Easy. Herbalism is a lifelong study. Ten years ain’t nada. And certification sounds fancy, but doesn’t necessarily mean much in itself. Wise woman herbalist Susun Weed says its takes nine lifetimes ---that’s nine cycles of birth and death, y’all --- to become an herbalist. I’m just barely getting started! Someone else wise, perhaps one of my teachers such as herbalist Emily Ruff or curandero Don Juan Tangoa Paima, said that it’s better to know 40 uses for one herb than one use for 40 different herbs. So this getting-to-know-the-plants thing is a slow process that requires patience and steadfastness.
Given the immensity of the mission, I’m focusing my studies on the medicinal plants that grow in abundance where I live, which is sub-tropical Miami, Florida. No linden trees growing here! For nervine herbs that help soothe anxiety and stress, us Magic City folks have Passiflora incarnata (passionflower) growing wild, Piper methysticum (kava-kava) at the farms, Melissa officinalis (lemon balm) in the winter gardens and Bidens alba (Spanish needle) pretty much in eternal supply.
So why was I being asked to work with linden when there are plenty of other herbal allies that could offer similar properties? As I did more research, it became clear that I was being directed by my ancestors to reconnect with my deep herbal heritage, way back to the homeland of my great-great great-great-great-grandparents in Finland, Sweden, Scotland, and Ireland. There’s rich European folklore around the linden tree. One story states that if you sit under a linden tree, you can be cured of epilepsy.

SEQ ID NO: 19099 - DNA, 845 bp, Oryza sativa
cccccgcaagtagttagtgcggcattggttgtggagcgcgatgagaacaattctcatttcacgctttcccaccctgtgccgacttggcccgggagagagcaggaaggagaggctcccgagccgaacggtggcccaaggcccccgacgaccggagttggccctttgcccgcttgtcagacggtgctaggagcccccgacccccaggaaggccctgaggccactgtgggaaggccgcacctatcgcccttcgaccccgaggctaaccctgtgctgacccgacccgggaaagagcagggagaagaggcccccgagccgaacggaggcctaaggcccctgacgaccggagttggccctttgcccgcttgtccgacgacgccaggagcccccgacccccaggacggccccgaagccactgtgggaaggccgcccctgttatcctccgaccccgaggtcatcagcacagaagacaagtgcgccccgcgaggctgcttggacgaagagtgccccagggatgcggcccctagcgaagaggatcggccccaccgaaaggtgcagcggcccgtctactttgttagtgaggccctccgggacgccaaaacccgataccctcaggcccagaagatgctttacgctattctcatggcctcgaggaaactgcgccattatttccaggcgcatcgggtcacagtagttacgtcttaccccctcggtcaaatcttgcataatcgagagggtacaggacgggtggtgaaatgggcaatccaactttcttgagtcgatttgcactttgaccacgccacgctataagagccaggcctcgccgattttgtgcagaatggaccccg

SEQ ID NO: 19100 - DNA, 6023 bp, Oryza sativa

There’s another one that says if you fall asleep under a linden tree, you will be taken into the realm of the fairies. There’s Roman and German stories about linden being the “tree of lovers” and Polish stories indicating that the wood of the tree is good protection against the evil eye and lightning.
There’s magic in these stories. Even though something happened that disconnected my people from our herbal oral traditions that could have transmitted these stories to me through my grandmothers rather than through the internet, I recognize these western European stories about linden as my stories, because that is where my people came from before arriving as settlers in North America several generations ago. I find myself grieving with a sad heart for whatever happened that made my great-great-great-great grandmothers stop sharing stories of our people and our relationships with sacred medicine plants.
I acknowledge that it’s sometimes an easier and more immediate way of connecting with herbal traditions to learn from the folks that have more successfully stewarded and continued their oral traditions, such as some of my Latin American and Caribbean family, friends, and neighbors here in Miami. It’s not to be overlooked that linden came to me cloaked in one of its common Spanish names, tilo. Many herbalists have our reconnection to plant spirit medicine activated through sacred medicines that are not native to our ancestral homeland. That’s cool; it’s in divine order. However, us “white” European-American people can begin the tough and crucial work of taking responsibility for healing our lineages by working with the medicine plants our ancestors worked with, even as we learn about, work with, and steward the traditions around the medicine plants that grow in our new homes. In doing so, we can recall that all people are indigenous people; we are all indigenous to the Earth. We are reclaiming our plant spirit medicine traditions that firm our connection to the Earth.